A small bit of Zebra Rock taken home with me
Polishing the Rock
Polishing the Zebra Rock back at camp

About Zebra Rock

There are two places in Kununurra that sell Zebra Rock. One is a gallery which is currently closing down, and the other is a small shop. Both of the owners of these locations mined an island in the middle of Lake Argyle, and completely removed it. There is now no other place in the world where you can get Zebra Rock, and its completely baffled scientists, mathematicians and geologists around the world.

A lot of very reputable scientists visit, not believing that the amazing rock formation comes from the ground. There are a number of theories floating around, but one thing is for sure; its a scientific enigma that is puzzling a lot of people.

Polishing rocks
With a bit of hard work the rocks come up pretty amazing


There’s a gallery at the kitchen/bar that you can walk through, and admire the various pieces of Zebra rock. It’s truly unreal stuff, and when polished looks absolutely beautiful. At 3PM, Ruth does a talk and tour through the gallery, telling of how the place came about, along with a heap of other information about the zebra rock, and what they are trying to do.

Initially I didn’t feel too amazed about Zebra Rock mine, but that quickly changed. You can get some great fish and chips at the kitchen, along with various drinks, scones and sit in the shade over one of their amazing rock tables.

Zebra Rock Mine Display
There’s a heap of Zebra Rock on display at the gallery, which you can purchase

There’s free tea and coffee and the hosts and employees are nothing short of amazing. I heard truly stunning things about the sunset wetlands tour, which we’d have loved to have done, but with Oliver going to bed early (and a minimum age of 14 years old) it just wasn’t going to happen.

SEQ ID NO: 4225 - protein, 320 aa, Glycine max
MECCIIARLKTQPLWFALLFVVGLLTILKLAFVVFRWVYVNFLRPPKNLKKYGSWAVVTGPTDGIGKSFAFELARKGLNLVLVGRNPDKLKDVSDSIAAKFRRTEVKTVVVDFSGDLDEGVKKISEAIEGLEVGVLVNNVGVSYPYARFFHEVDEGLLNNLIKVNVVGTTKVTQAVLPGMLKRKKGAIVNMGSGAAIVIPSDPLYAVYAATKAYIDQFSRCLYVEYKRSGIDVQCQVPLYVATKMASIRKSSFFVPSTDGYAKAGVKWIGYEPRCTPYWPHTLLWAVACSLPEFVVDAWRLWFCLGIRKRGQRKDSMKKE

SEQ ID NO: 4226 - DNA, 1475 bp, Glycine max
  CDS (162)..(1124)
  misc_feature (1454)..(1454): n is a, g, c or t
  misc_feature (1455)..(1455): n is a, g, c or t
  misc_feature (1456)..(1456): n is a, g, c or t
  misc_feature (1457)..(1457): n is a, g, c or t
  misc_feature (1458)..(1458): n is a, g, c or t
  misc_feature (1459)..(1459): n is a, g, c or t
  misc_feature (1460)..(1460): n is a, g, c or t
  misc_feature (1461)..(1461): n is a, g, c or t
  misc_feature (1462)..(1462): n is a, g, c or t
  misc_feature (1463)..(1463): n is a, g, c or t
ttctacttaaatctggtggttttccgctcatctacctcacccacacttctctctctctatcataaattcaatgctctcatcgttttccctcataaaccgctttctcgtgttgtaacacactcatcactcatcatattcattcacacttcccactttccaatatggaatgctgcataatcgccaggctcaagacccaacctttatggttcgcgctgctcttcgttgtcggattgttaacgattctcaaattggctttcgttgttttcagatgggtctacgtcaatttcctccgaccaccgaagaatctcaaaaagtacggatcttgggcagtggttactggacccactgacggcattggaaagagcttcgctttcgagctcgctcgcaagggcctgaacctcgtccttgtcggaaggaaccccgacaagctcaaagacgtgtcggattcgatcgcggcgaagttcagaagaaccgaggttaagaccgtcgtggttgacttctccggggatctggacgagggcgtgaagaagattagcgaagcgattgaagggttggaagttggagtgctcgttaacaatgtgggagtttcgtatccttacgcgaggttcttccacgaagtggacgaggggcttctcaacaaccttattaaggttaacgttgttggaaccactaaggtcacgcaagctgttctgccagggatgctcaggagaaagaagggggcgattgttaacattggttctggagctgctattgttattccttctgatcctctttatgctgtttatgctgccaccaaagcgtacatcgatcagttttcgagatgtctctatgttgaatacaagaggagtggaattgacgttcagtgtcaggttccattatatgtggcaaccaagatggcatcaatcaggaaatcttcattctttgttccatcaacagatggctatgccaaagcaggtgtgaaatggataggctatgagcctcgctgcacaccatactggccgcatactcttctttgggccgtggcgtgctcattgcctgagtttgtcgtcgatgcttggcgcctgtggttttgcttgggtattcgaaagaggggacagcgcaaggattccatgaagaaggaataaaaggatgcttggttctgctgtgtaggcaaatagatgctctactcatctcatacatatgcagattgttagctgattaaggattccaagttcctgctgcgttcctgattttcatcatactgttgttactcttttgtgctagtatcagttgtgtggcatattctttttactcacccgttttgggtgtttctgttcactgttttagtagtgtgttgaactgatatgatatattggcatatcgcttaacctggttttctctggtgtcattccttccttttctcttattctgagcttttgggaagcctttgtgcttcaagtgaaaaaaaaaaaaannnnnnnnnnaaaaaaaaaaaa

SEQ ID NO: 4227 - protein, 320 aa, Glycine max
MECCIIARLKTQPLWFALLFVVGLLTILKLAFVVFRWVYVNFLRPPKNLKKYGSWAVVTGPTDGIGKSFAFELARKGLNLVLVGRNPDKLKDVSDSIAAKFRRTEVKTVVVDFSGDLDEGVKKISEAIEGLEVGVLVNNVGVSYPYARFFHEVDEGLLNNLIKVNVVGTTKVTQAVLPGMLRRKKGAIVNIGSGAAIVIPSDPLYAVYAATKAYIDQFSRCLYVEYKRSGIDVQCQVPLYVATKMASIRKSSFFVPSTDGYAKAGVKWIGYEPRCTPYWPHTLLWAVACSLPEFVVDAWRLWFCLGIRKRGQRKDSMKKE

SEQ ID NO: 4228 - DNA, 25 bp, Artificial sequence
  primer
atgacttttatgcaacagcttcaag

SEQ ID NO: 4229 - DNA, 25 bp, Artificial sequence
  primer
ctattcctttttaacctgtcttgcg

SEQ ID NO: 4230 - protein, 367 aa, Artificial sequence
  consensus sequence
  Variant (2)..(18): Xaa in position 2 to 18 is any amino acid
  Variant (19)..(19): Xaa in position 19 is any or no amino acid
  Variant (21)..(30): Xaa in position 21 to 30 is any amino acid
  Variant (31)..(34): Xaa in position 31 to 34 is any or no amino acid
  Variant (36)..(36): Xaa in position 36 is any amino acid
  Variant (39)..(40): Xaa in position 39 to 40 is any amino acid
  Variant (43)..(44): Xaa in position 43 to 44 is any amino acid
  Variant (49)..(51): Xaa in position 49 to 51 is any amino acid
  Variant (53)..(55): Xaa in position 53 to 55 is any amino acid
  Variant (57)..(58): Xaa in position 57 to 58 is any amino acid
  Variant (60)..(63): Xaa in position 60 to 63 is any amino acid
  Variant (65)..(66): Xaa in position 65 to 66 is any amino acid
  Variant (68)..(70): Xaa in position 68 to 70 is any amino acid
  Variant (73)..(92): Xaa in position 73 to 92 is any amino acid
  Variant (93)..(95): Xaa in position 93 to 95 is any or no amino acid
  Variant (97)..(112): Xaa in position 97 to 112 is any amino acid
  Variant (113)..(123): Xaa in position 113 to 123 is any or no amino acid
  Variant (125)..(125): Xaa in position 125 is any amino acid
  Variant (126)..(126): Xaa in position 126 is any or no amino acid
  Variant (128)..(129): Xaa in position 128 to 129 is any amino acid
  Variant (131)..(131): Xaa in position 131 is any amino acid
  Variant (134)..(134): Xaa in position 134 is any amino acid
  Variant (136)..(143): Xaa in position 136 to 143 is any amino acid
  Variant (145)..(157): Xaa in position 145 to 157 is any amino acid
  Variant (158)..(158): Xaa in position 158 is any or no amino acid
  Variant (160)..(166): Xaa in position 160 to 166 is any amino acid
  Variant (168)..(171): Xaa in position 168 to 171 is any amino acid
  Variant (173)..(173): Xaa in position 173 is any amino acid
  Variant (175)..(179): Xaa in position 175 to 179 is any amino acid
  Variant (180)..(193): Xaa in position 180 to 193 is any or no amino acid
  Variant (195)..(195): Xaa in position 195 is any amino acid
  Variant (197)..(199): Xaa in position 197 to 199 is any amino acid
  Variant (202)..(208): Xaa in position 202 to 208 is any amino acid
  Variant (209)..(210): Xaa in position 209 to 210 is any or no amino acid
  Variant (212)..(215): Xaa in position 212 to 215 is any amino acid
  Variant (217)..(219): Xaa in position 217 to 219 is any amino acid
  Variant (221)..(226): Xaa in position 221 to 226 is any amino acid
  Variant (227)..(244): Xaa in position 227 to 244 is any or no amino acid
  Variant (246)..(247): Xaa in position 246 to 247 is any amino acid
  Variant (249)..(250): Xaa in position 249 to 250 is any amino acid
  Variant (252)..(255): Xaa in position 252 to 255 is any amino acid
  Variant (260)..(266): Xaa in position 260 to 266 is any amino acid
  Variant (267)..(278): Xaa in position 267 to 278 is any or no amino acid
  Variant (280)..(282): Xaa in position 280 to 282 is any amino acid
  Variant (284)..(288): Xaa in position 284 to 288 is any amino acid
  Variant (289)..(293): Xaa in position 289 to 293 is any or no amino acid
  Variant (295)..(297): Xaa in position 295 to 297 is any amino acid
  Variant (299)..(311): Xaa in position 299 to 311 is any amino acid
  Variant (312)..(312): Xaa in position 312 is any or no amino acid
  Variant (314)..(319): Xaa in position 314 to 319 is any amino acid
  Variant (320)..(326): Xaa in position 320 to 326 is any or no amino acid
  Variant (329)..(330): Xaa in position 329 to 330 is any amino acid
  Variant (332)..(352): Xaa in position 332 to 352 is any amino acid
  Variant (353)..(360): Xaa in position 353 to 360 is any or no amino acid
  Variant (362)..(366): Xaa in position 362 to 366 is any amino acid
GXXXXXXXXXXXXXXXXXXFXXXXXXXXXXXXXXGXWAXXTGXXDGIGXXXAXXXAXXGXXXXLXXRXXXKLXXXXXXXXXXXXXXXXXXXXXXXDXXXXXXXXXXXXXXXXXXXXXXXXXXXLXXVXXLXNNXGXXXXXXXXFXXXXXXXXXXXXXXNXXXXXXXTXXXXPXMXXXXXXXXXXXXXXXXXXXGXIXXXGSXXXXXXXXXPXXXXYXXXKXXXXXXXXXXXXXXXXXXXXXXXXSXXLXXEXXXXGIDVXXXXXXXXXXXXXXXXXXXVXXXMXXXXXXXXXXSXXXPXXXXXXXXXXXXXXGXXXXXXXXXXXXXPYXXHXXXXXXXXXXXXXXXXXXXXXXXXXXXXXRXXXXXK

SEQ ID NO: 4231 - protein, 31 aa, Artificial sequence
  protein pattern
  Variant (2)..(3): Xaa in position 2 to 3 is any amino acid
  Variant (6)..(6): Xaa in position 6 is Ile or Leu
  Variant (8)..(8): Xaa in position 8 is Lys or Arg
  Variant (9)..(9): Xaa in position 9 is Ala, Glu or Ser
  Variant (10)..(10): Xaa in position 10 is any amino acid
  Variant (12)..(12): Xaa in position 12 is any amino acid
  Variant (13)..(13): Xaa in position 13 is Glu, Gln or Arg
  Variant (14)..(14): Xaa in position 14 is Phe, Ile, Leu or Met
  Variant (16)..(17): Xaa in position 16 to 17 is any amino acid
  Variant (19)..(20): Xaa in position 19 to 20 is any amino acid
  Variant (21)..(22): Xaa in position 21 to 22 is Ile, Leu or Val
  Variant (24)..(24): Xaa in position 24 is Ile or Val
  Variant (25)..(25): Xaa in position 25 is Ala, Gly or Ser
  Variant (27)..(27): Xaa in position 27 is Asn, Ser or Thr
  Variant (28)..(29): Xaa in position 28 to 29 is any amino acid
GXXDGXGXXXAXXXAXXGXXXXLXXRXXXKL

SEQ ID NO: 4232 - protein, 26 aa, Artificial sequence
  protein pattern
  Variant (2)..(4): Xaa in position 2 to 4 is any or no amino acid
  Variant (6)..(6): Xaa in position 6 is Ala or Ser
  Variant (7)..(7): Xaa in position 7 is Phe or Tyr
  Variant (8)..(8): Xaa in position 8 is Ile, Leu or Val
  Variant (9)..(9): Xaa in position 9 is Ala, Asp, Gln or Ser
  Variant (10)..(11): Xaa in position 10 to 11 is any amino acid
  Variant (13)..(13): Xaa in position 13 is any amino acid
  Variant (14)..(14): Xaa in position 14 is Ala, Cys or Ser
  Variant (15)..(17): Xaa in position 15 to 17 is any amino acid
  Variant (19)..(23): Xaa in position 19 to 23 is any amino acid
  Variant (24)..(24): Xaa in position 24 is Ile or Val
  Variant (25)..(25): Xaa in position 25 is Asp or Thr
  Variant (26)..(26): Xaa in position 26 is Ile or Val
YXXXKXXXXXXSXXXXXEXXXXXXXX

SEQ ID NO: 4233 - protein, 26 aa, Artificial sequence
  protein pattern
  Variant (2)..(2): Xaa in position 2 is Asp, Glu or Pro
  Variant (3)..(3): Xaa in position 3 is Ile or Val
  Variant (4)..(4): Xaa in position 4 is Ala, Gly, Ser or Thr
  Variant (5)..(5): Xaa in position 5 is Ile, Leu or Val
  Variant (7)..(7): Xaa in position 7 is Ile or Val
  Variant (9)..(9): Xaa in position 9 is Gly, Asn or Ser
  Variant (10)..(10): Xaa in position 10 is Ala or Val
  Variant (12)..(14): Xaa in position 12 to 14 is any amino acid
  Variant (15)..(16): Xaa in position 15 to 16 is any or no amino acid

Sitting around at Zebra Rock
Zebra Rock outdoor area, which is great to relax

If you want a truly fascinating place to stay, along with a great camp ground, head to the Zebra Rock Mine Camp Ground. Rumour has it a new camp ground will be open very shortly, which will accommodate everyone, not far from the road! If you want more, check out Camp Sites in the NT.

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  1. Hi Greg,

    You’ll have to contact the mine directly mate; this is just a review of the camp ground and mine

    All the best

  2. Greg Berry says:

    G’day Zebra Rock Mine folks, I visited your establishment in 2016 while on a round Australia road trip. I may be wrong, but I seem to recall that you also sold the larger pieces of polished rock that could be used as a table. Would you be so kind as to advise if you do sell the table sized pieces of rock and if so, whether you can ship a piece to NSW. If you do, do you have a catalogue of rock pieces that are for sale. My thanks for any advice that you can give. Kind regards, Greg Berry.

  3. Hey Monique,

    I reckon there’s a pretty good chance it will be open this year, but its seasonal. They don’t open until the dry season – so around April to September, depending on the weather. I’d give them a call, or keep an eye on Wikicamps!

    All the best

  4. Monique Bachmann says:

    Is the Zebra Rock Mine still open? I initially came across it when I was first researching my trip to WA and DEFINITELY wanted to go there. However that was before COVID and now when I research it says it is closed.
    Thanks very much.